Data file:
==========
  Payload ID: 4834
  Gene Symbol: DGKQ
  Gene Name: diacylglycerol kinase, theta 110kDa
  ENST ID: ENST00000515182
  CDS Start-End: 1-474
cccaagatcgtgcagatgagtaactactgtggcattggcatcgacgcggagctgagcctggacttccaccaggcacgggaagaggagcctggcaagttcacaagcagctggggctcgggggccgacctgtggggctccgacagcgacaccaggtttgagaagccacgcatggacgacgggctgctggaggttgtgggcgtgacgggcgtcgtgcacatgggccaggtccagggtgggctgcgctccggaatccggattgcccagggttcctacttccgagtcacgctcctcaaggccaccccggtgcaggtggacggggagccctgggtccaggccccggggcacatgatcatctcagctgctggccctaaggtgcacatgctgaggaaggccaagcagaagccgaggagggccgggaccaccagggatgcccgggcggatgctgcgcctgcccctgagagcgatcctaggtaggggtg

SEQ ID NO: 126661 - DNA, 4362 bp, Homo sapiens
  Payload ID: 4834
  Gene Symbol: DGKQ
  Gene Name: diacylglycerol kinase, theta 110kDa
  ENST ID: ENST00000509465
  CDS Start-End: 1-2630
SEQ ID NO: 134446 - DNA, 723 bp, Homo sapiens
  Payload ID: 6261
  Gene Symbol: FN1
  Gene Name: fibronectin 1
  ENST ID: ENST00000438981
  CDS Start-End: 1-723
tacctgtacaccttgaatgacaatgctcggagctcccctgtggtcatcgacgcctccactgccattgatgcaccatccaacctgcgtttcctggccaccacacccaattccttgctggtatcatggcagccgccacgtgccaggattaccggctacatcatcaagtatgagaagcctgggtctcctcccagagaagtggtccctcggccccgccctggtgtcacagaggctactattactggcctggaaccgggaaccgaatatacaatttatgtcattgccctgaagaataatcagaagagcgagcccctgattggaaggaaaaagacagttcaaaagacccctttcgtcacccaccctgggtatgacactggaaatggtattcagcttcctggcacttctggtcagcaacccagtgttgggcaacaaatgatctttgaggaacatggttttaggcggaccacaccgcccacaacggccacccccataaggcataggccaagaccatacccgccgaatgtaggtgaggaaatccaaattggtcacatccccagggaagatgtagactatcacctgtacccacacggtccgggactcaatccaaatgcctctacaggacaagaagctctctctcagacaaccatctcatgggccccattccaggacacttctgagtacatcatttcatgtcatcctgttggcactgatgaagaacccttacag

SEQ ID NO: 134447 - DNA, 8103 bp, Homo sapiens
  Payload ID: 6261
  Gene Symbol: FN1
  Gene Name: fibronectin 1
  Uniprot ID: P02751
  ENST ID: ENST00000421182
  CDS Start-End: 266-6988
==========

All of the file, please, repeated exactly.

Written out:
  Payload ID: 4834
  Gene Symbol: DGKQ
  Gene Name: diacylglycerol kinase, theta 110kDa
  ENST ID: ENST00000515182
  CDS Start-End: 1-474
cccaagatcgtgcagatgagtaactactgtggcattggcatcgacgcggagctgagcctggacttccaccaggcacgggaagaggagcctggcaagttcacaagcagctggggctcgggggccgacctgtggggctccgacagcgacaccaggtttgagaagccacgcatggacgacgggctgctggaggttgtgggcgtgacgggcgtcgtgcacatgggccaggtccagggtgggctgcgctccggaatccggattgcccagggttcctacttccgagtcacgctcctcaaggccaccccggtgcaggtggacggggagccctgggtccaggccccggggcacatgatcatctcagctgctggccctaaggtgcacatgctgaggaaggccaagcagaagccgaggagggccgggaccaccagggatgcccgggcggatgctgcgcctgcccctgagagcgatcctaggtaggggtg

SEQ ID NO: 126661 - DNA, 4362 bp, Homo sapiens
  Payload ID: 4834
  Gene Symbol: DGKQ
  Gene Name: diacylglycerol kinase, theta 110kDa
  ENST ID: ENST00000509465
  CDS Start-End: 1-2630
SEQ ID NO: 134446 - DNA, 723 bp, Homo sapiens
  Payload ID: 6261
  Gene Symbol: FN1
  Gene Name: fibronectin 1
  ENST ID: ENST00000438981
  CDS Start-End: 1-723
tacctgtacaccttgaatgacaatgctcggagctcccctgtggtcatcgacgcctccactgccattgatgcaccatccaacctgcgtttcctggccaccacacccaattccttgctggtatcatggcagccgccacgtgccaggattaccggctacatcatcaagtatgagaagcctgggtctcctcccagagaagtggtccctcggccccgccctggtgtcacagaggctactattactggcctggaaccgggaaccgaatatacaatttatgtcattgccctgaagaataatcagaagagcgagcccctgattggaaggaaaaagacagttcaaaagacccctttcgtcacccaccctgggtatgacactggaaatggtattcagcttcctggcacttctggtcagcaacccagtgttgggcaacaaatgatctttgaggaacatggttttaggcggaccacaccgcccacaacggccacccccataaggcataggccaagaccatacccgccgaatgtaggtgaggaaatccaaattggtcacatccccagggaagatgtagactatcacctgtacccacacggtccgggactcaatccaaatgcctctacaggacaagaagctctctctcagacaaccatctcatgggccccattccaggacacttctgagtacatcatttcatgtcatcctgttggcactgatgaagaacccttacag

SEQ ID NO: 134447 - DNA, 8103 bp, Homo sapiens
  Payload ID: 6261
  Gene Symbol: FN1
  Gene Name: fibronectin 1
  Uniprot ID: P02751
  ENST ID: ENST00000421182
  CDS Start-End: 266-6988